Multistage amplifier
Like Quyen Nguyen

Multistage amplifier

Multistage amplifier

Description:

Published: June 24, 2019 0 0 186
By: Quyen Nguyen, Cal Poly Pomona
Category: Electrical Engineering
Hashtags: #Electrical

In the Lab, I built the circuit as same as the schematic in the proposed schematic, but the overall gain was about 500 because the values of resistors in Lab were not the same as the values in Pspice (small changes in the resistors could affect the overall gain). In the requirement, Vout_noload should be 4V Pk-pk, so a 10V DC power supply was enough to power 4 stages. The first stage is the common emitter with a bypass capacitor in parallel with the emitter resistor to get a high gain of 100; without the capacitor, the gain would depend on the values of RC and RE , Gain RC/RE = 10.5k/1k10 and if I increased the RC value, the gain would be increased, but I could not keep increasing the RC to get the high gain. I decided to use a bypass capacitor to reach a high gain which depends much on internal RC and re’ , the gain will be |A_vi |=RC/re’ because the re’ value is too small. The capacitor also had another purpose which is used for creating the lower cut-off frequency to be less than 50 Hz. The second stage has the voltage follower, is used for holding stage 1 gain because of a high input impedance characteristic. The third stage-common emitter amplifier, I didn't use a bypassed capacitor at the emitter anymore because I just need a small gain to reach an overall gain of 400, again the Gain of the common emitter RC/RE. When I did the prelab, I tried putting a RC=4K and RE=1K, but the gain I got was much lower than 4 which could affect the overall gain of 400. So I adjusted the value of RE up to 7K(Prelab) and 6.11K(Lab) to get a gain 4. The final stage was the same as stage 2 which was the voltage follower with the gain 1; I decided to use the voltage follower for the final stage because the output of the voltage folower is small that would meet the lab requirement impedance< 50 Ω. I though about decreasing the emitter resistor 220 Ω in stage 4 to meet the output of 2V pk-pk withload; however, if I did that, the overall gain without load would be dropped as well. Finally, the overall gain I got =stage 1*stage2*stage3*stage4=(-100)*1*(-4)*1400. Other than the gain_withload and the input impedance issue, this new design worked perfectly, and it met almost all the goals.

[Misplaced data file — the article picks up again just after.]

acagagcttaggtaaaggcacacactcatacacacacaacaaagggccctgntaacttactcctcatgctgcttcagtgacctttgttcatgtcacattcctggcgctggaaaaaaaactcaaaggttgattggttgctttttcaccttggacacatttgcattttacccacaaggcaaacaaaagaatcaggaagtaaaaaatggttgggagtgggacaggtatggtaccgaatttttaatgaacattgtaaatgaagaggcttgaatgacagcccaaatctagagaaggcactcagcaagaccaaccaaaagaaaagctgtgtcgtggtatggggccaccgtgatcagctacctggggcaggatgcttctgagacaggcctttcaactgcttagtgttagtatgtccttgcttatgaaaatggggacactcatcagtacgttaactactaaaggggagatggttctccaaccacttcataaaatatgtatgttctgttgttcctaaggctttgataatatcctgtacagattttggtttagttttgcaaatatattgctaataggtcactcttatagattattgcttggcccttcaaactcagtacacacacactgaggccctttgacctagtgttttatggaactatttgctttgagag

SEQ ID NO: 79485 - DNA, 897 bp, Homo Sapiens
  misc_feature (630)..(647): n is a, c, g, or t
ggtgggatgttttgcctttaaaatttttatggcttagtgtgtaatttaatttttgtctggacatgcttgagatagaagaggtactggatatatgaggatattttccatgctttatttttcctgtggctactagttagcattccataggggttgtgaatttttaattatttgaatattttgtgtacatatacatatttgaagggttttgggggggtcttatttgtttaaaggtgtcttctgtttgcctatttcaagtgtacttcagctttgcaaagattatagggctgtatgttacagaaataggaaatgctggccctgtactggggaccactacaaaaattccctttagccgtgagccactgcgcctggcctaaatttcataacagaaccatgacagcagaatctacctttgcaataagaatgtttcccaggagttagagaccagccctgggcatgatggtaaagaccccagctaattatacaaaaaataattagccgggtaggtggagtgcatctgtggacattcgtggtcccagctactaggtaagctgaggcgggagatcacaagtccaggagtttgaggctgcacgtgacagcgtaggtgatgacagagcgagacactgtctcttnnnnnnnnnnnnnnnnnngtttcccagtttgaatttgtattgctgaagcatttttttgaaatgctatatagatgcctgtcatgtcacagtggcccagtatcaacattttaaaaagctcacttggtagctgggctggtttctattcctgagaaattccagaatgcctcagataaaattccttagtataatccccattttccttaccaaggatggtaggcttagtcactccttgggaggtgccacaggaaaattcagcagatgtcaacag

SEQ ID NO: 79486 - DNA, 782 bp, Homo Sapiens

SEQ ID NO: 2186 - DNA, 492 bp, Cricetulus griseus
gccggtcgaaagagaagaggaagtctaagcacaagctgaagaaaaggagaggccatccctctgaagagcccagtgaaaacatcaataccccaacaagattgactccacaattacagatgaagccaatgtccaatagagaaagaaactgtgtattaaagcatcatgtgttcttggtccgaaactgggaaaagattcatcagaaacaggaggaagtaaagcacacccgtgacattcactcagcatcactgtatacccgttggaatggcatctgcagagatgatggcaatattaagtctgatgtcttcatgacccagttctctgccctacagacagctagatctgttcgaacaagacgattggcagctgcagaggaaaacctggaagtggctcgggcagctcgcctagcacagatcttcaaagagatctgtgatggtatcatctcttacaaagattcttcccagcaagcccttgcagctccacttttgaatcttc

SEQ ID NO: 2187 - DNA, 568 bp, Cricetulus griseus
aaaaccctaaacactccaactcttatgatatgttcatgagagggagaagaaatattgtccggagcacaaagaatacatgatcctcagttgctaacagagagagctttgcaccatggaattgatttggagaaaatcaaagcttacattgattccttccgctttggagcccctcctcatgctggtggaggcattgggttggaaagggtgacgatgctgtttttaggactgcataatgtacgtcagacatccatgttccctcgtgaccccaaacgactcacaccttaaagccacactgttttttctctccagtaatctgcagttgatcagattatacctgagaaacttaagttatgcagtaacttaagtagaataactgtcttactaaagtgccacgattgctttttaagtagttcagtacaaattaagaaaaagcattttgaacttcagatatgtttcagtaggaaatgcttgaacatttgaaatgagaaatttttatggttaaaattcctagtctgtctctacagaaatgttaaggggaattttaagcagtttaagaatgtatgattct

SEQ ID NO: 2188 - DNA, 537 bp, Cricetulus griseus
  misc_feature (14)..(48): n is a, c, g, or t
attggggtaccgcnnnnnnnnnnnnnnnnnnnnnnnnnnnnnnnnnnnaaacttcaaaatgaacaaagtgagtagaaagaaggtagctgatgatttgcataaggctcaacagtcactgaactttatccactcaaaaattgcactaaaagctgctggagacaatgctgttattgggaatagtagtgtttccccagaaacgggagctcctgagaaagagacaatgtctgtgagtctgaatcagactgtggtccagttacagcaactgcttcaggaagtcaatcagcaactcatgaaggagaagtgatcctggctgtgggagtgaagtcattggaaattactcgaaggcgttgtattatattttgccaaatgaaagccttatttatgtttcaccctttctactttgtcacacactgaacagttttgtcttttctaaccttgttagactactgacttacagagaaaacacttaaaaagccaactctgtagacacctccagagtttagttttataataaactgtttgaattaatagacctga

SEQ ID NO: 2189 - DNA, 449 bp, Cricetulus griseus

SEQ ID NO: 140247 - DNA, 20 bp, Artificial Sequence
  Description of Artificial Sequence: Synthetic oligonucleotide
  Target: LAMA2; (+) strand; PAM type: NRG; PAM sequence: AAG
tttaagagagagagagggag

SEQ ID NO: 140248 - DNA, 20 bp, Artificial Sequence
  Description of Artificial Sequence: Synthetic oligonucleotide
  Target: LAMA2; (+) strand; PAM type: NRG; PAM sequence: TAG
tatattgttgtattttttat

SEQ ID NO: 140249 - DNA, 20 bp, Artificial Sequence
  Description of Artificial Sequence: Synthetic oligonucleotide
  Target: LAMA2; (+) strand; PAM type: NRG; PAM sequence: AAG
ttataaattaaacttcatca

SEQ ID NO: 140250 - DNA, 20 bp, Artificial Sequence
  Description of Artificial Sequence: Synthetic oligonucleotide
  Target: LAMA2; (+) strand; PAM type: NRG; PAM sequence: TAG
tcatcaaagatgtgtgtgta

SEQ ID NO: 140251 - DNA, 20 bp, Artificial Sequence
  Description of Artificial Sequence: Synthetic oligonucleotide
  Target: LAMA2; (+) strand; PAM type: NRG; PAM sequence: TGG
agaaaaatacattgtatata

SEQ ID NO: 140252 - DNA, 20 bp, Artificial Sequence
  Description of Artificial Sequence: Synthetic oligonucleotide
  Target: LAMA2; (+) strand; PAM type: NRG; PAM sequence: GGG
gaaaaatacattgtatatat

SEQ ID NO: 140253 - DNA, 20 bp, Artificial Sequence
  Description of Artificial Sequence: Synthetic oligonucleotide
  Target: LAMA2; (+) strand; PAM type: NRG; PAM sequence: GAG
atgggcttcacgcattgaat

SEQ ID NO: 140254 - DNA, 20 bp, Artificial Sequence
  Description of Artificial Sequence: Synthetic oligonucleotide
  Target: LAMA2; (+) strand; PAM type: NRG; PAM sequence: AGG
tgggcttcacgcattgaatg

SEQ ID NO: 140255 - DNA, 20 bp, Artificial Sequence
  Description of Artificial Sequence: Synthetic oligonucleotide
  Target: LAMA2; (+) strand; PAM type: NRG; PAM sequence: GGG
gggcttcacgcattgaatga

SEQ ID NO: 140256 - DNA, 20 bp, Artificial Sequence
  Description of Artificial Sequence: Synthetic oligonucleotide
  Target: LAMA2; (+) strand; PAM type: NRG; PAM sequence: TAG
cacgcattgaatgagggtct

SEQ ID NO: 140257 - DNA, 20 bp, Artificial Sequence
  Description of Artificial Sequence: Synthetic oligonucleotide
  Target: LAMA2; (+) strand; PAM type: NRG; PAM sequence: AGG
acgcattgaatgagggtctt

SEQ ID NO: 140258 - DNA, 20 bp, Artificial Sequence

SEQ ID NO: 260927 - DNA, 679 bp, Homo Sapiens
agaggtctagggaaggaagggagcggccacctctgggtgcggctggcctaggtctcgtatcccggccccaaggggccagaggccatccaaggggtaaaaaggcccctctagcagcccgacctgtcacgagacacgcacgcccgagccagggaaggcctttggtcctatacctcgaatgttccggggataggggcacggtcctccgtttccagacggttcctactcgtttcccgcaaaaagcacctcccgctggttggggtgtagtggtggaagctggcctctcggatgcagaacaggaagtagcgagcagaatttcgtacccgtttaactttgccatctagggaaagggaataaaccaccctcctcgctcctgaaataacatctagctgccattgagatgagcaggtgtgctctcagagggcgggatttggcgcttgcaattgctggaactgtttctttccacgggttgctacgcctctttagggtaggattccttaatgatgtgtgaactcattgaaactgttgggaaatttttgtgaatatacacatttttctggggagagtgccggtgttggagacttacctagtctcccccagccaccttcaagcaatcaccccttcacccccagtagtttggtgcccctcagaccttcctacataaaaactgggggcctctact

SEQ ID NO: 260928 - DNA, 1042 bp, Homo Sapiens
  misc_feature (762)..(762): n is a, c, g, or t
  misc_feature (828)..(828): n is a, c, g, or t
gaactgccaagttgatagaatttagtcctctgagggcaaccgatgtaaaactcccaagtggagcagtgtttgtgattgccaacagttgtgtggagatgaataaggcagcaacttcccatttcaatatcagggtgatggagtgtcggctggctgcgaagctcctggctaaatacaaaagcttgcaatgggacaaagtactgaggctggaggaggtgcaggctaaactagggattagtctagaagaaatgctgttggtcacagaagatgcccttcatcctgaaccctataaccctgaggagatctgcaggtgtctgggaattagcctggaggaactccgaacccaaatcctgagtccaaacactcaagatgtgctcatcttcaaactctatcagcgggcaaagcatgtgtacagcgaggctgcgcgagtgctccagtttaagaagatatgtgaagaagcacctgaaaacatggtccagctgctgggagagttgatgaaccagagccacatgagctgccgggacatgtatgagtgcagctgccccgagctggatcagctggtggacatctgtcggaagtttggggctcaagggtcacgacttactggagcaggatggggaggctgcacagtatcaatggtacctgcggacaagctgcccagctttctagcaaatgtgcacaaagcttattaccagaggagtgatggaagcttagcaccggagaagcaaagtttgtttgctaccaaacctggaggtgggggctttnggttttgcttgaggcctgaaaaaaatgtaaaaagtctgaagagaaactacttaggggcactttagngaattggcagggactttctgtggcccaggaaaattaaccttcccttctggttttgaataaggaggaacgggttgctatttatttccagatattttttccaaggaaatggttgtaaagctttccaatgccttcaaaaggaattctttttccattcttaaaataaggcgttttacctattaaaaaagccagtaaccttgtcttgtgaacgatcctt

The circuit specification: Av=400, Rin> 10k, Rout< 50, f(low)< 50Hz, f(high)> 75kHz